Varying neighborhood definitions may affect research on the association between food environments and diet and weight status. The objective of this study was to examine the association between number and type of neighborhood food outlets and dietary intake and body mass index (BMI) measures among California adults according to the geographic size of a neighborhood or food environment. We analyzed data from 97,678 respondents aged 18 years or older from the 2007 and 2009 California Health Interview Survey through multivariable regression models. Outcome variables were BMI, weight status of a BMI of 25.0 or more and a BMI of 30.0 or more, and the number of times per week the following were consumed: fruits, vegetables, sugar-sweetened soft drinks, fried potatoes, and fast food. Explanatory variables were the number of fast-food restaurants, full-service restaurants, convenience stores, small food stores, grocery stores, and large supermarkets within varying distances (0.25 to 3.0 miles) from the survey respondent's residence. We adopted as a measure of walking distance a Euclidean distance within 1 mile. Control variables included sociodemographic and economic characteristics of respondents and neighborhoods. Food outlets within walking distance (≤ 1.0 mile) were not strongly associated with dietary intake, BMI, or probabilities of a BMI of 25.0 or more or a BMI of 30.0 or more. We found significant associations between fast-food outlets and dietary intake and between supermarkets and BMI and probabilities of a BMI of 25.0 or more and a BMI of 30.0 or more for food environments beyond walking distance (> 1.0 mile). We found no strong evidence that food outlets near homes are associated with dietary intake or BMI. We replicated some associations reported previously but only for areas that are larger than what typically is considered a neighborhood. A likely reason for the null finding is that shopping patterns are weakly related, if at all, to neighborhoods in the

  5. Soil pollution fingerprints of children playgrounds in Sarajevo city, Bosnia and Herzegovina.

    Science.gov (United States)

    Sapcanin, Aida; Cakal, Mirsada; Jacimovic, Zeljko; Pehlic, Ekrem; Jancan, Gordan

    2017-04-01

    This is the first study, 10 years after the war activities, to report about the content of heavy metals and metalloids, polycyclic aromatic hydrocarbons (PAHs), and polychlorinated biphenyls (PCBs) found in samples of soils from selected playgrounds in Sarajevo. Due to the fact that children are in direct contact with surface soils, it has been recommended that children's playgrounds should be given special consideration in this respect. Basic properties (pH in H2O, pH in 1 mol dm(-3) KCl, humus, and CaCO3) of the examined soils were determined. Samples for the determination of heavy metals and metalloids were prepared by microwave-assisted acid digestion and determined by using an inductively coupled plasma optical emission spectrometer. Fluorine was determined potentiometrically. Gas chromatography with mass spectrometry was used for determination of PAHs and PCBs. Determined contents (mg kg(-1)) for Cd, Pb, Hg, Cr, Ni, Cu, Zn, Co, Mo, Fe, Se, As, B, and F were in the ranges from: 0.031 ± 0.03 to 0.52 ± 0.05; 26.1 ± 2.5 to 47.7 ± 4.5; 0.07 ± 0.01 to 0.50 ± 0.08; 26.2 to 50; 19.5 ± 1.6 to 33.3 ± 2.7; 12.8 ± 1.8 to 31.9 ± 4.5; 56.0 ± 4.0 to 89.0 ± 6.5; 6.7 ± 0.6 to10.6 ± 1.0; soils, and may be included in projects planning children's health risk assessments and adopting environmental legislation which has not been sufficiently regulated in Bosnia and Herzegovina so far.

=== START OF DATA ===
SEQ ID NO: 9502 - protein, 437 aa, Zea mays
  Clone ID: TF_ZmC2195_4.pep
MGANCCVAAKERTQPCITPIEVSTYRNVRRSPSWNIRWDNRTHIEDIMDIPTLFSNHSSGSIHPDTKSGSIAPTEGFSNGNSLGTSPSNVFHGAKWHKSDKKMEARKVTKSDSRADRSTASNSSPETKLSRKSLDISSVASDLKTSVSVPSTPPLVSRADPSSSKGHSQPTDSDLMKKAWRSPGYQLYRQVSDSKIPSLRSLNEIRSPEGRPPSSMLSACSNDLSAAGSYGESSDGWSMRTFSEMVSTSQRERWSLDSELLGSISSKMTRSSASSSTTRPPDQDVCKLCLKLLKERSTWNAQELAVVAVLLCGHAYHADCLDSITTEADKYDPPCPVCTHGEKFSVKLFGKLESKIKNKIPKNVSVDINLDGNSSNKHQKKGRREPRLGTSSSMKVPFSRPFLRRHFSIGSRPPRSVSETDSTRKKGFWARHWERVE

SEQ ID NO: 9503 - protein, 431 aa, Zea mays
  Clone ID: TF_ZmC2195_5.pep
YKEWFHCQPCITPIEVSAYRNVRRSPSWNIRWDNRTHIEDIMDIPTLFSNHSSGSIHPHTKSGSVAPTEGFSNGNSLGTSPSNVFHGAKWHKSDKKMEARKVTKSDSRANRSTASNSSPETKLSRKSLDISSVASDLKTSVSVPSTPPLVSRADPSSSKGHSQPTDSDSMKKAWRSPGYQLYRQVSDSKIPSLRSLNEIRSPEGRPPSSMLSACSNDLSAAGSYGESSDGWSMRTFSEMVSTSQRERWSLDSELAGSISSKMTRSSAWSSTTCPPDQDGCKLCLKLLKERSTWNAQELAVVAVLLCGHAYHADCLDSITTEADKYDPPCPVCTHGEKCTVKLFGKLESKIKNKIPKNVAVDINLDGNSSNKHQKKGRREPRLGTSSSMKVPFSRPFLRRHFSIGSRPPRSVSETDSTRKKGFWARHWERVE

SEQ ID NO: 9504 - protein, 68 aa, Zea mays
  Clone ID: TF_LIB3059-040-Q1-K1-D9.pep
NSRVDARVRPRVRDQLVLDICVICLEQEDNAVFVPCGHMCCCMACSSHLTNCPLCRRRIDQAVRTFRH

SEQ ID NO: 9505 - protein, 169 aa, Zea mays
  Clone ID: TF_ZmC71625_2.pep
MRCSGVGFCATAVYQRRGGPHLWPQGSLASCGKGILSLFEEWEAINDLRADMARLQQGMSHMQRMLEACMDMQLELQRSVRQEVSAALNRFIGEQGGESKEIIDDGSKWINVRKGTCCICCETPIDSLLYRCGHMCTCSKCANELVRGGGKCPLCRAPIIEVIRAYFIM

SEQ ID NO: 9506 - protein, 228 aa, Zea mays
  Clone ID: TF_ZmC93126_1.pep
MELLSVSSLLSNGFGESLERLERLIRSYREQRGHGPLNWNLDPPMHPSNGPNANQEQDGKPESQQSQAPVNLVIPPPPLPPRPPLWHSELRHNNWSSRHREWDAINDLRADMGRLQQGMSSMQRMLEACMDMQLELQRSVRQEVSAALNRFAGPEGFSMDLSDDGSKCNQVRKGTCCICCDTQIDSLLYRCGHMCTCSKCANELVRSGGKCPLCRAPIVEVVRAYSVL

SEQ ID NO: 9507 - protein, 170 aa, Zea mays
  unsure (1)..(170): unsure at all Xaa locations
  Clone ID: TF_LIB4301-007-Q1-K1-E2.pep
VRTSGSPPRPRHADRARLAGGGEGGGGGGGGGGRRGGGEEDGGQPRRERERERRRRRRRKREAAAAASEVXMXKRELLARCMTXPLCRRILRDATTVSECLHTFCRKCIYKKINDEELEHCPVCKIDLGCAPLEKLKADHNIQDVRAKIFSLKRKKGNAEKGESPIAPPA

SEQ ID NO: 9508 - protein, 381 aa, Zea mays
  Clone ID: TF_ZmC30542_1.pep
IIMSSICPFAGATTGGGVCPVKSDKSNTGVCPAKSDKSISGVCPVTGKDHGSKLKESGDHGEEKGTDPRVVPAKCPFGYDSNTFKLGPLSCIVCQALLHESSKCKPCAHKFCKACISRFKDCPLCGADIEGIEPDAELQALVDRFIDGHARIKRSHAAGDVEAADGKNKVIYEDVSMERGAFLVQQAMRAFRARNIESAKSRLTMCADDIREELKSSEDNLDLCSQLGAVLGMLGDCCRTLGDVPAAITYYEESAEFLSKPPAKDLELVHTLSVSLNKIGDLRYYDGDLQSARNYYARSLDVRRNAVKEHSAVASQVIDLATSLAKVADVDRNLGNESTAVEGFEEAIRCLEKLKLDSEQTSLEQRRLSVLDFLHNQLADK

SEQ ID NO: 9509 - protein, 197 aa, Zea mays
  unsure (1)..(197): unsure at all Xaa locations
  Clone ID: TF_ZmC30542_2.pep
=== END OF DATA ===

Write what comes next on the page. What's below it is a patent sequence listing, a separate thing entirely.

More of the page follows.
6. The relationship between soil geochemistry and the bioaccessibility of trace elements in playground soil.

    Science.gov (United States)

    De Miguel, Eduardo; Mingot, Juan; Chacón, Enrique; Charlesworth, Susanne

    2012-12-01

    A total of 32 samples of surficial soil were collected from 16 playground areas in Madrid (Spain), in order to investigate the importance of the geochemistry of the soil on subsequent bioaccessibility of trace elements. The in vitro bioaccessibility of As, Co, Cr, Cu, Ni, Pb and Zn was evaluated by means of two extraction processes that simulate the gastric environment and one that reproduces a gastric + intestinal digestion sequence. The results of the in vitro bioaccessibility were compared against aqua regia extractions ("total" concentration), and it was found that total concentrations of As, Cu, Pb and Zn were double those of bioaccessible values, whilst that of Cr was ten times higher. Whereas the results of the gastric + intestinal extraction were affected by a high uncertainty, both gastric methods offered very similar and consistent results, with bioaccessibilities following the order: As = Cu = Pb = Zn > Co > Ni > Cr, and ranging from 63 to 7 %. Selected soil properties including pH, organic matter, Fe and CaCO(3) content were determined to assess their influence on trace element bioaccessibility, and it was found that Cu, Pb and Zn were predominantly bound to organic matter and, to a lesser extent, Fe oxides. The former fraction was readily accessible in the gastric solution, whereas Fe oxides seemed to recapture negatively charged chloride complexes of these elements in the gastric solution, lowering their bioaccessibility. The homogeneous pH of the playground soils included in the study does not influence trace element bioaccessibility to any significant extent except for Cr, where the very low gastric accessibility seems to be related to the strongly pH-dependent formation of complexes with organic matter. The results for As, which have been previously described and discussed in detail in Mingot et al. (Chemosphere 84: 1386-1391, 2011), indicate a high gastric bioaccessibility for this element as a consequence of its strong association with calcium